tagged: אוי oy

 

אוֹי לַלֵב שֶׁאֵינָה שְׁבוּרָה | Woe to the Heart that is not Broken, a ḳinnah by Rabbi Dr. Aryeh Cohen (2019)

A ḳinnah composed in response to the agonizing and cruel United States immigration policy implemented under the presidency of Donald Trump. . . .

אוֹי מֶה הָיָה לָנוּ | Oy Meh Haya Lanu (Oy What Has Happened to Us), by Barukh ben Shmuel of Mainz (ca. 12th c.)

Oy Meh Haya Lanu” is a kinah traditionally recited on the night of Tisha b’Av directly after the reading of Eikha. According to the Koren Mesorat HaRav Kinot, it is number 1 of 50. The title is the refrain of the poem, a reflective lament. This kinah is based on the fifth and final chapter of Eikha, taking the opening phrase of each line of the megillah as the first line of each couplet and poetically expanding the description for the second. This translation is an attempt to convey the vulgarity and horror of the paytan’s depiction of the destroyed Jerusalem in vernacular English. The kinah ends just as the megillah ends, with the four verses of pleas for redemption. . . .

אַלְלַי לִי | Alelai Li (Woe is me!), by Elazar ben Killir (ca. 7th c.)

Alelai Li” is a kinah recited on the morning of Tisha bAv. It was written by HaKalir around the 7th century. According to the Koren Mesorat HaRav Kinot, it is number 17 of 50. The title is the refrain of the poem and is an onomatopoeic whimper (try saying it aloud, focusing on the alliteration). It is difficult to translate the opening word “im” which means “if” or “should”. This is an allusion to Job 10:15, “If I have done evil, then woe unto me.” I have decided to translate the kinah not in the conditional tense (which would render “If these horrible things happened, then woe is me!”) but as a lament upon memory; however, the former would be a more accurate (if not more awkward in English) translation. Adding to the awkwardness of the poem’s language is the feminine conditional verb that each line has after the word “im”. I have maintained this strange verb tense and placement in my translation by using the English progressive tense. The kinah ends with a collection in lines in a different meter suggesting that the Holy One (and the paytan himself) is angered that the Jewish people announce their sufferings but not their transgressions. . . .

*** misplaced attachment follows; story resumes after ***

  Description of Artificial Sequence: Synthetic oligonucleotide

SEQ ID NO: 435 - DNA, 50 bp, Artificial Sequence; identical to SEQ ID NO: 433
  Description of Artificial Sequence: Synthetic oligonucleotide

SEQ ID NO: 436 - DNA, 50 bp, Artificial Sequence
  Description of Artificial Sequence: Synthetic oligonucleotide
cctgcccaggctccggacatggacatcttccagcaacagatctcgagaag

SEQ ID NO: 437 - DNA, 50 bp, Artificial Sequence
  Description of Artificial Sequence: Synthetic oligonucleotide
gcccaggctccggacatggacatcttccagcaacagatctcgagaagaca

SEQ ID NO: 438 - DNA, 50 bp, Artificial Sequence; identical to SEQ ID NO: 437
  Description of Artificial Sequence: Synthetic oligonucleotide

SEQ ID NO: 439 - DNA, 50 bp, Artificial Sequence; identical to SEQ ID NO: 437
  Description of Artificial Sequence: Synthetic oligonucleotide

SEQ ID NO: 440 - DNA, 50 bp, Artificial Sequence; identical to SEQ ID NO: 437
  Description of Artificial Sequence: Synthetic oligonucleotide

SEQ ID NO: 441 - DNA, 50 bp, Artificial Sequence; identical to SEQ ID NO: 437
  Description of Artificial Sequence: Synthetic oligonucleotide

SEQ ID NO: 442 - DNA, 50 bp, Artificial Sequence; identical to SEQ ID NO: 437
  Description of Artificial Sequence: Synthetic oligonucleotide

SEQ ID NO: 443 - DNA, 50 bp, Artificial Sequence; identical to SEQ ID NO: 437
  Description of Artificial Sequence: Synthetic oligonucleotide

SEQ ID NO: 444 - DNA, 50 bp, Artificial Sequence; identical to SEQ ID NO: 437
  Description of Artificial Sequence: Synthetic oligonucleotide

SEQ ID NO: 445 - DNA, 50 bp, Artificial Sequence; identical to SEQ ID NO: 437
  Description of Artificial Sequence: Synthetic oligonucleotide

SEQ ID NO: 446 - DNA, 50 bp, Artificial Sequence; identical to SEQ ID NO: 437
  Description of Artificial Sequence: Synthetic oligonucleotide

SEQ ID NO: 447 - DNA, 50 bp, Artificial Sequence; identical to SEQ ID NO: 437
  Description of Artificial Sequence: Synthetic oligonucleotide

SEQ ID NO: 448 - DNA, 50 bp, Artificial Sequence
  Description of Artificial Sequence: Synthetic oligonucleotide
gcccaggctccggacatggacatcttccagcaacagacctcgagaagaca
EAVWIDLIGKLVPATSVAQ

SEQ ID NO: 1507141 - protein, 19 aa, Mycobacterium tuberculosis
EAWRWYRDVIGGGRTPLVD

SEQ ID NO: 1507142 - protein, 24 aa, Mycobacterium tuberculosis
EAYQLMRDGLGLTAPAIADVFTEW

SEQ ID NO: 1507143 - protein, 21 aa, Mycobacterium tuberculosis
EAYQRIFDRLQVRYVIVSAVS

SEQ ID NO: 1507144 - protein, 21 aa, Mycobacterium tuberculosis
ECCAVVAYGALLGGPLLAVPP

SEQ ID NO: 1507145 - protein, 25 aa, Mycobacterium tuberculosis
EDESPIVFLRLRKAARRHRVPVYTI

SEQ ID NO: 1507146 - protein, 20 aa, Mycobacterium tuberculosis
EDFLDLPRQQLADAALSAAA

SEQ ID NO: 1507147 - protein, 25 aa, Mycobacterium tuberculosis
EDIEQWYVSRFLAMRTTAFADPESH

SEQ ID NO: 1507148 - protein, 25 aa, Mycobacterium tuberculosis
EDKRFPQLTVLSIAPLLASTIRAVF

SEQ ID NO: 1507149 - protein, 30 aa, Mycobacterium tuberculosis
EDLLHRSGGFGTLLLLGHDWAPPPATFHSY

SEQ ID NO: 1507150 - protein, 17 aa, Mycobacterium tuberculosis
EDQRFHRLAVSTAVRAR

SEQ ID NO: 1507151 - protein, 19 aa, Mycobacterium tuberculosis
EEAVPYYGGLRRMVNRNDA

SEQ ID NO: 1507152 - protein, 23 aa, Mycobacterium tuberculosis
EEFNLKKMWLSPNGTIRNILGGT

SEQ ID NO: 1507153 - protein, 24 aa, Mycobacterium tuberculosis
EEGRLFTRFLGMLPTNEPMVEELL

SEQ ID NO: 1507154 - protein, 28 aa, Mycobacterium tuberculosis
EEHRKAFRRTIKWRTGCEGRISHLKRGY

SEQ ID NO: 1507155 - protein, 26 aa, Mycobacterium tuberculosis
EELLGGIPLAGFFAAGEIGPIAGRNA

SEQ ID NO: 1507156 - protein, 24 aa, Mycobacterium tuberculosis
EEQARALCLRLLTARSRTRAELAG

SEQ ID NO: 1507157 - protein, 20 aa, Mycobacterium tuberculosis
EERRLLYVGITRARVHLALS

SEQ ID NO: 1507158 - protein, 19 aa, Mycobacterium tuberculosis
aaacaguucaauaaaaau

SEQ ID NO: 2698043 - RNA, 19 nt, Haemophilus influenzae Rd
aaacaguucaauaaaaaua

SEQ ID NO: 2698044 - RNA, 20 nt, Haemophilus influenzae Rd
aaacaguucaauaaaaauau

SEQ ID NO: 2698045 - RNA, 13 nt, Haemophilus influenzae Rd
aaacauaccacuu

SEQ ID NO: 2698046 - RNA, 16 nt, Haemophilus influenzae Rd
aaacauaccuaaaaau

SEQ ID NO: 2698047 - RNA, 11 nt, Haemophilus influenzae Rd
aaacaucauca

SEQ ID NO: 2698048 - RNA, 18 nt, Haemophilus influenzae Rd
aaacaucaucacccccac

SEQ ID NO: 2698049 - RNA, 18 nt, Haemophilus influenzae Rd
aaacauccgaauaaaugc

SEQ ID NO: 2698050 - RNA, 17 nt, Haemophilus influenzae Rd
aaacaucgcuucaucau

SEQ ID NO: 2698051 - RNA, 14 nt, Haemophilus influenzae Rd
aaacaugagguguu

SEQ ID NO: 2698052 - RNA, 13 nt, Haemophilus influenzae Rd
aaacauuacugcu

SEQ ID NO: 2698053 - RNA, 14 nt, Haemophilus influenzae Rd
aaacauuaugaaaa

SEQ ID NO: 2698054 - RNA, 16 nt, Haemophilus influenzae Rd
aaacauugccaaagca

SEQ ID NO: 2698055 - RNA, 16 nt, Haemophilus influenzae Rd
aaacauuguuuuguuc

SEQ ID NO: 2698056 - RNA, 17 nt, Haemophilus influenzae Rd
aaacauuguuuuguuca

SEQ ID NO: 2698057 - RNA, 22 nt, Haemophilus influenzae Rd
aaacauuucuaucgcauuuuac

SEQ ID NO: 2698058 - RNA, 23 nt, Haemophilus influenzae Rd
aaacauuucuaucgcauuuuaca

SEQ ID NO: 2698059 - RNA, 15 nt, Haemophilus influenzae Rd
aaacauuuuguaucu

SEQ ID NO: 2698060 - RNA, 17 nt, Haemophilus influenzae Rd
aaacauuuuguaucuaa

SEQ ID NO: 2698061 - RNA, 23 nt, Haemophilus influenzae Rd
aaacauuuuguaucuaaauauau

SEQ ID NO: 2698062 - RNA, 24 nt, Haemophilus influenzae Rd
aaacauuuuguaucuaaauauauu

בסיעתא דארעא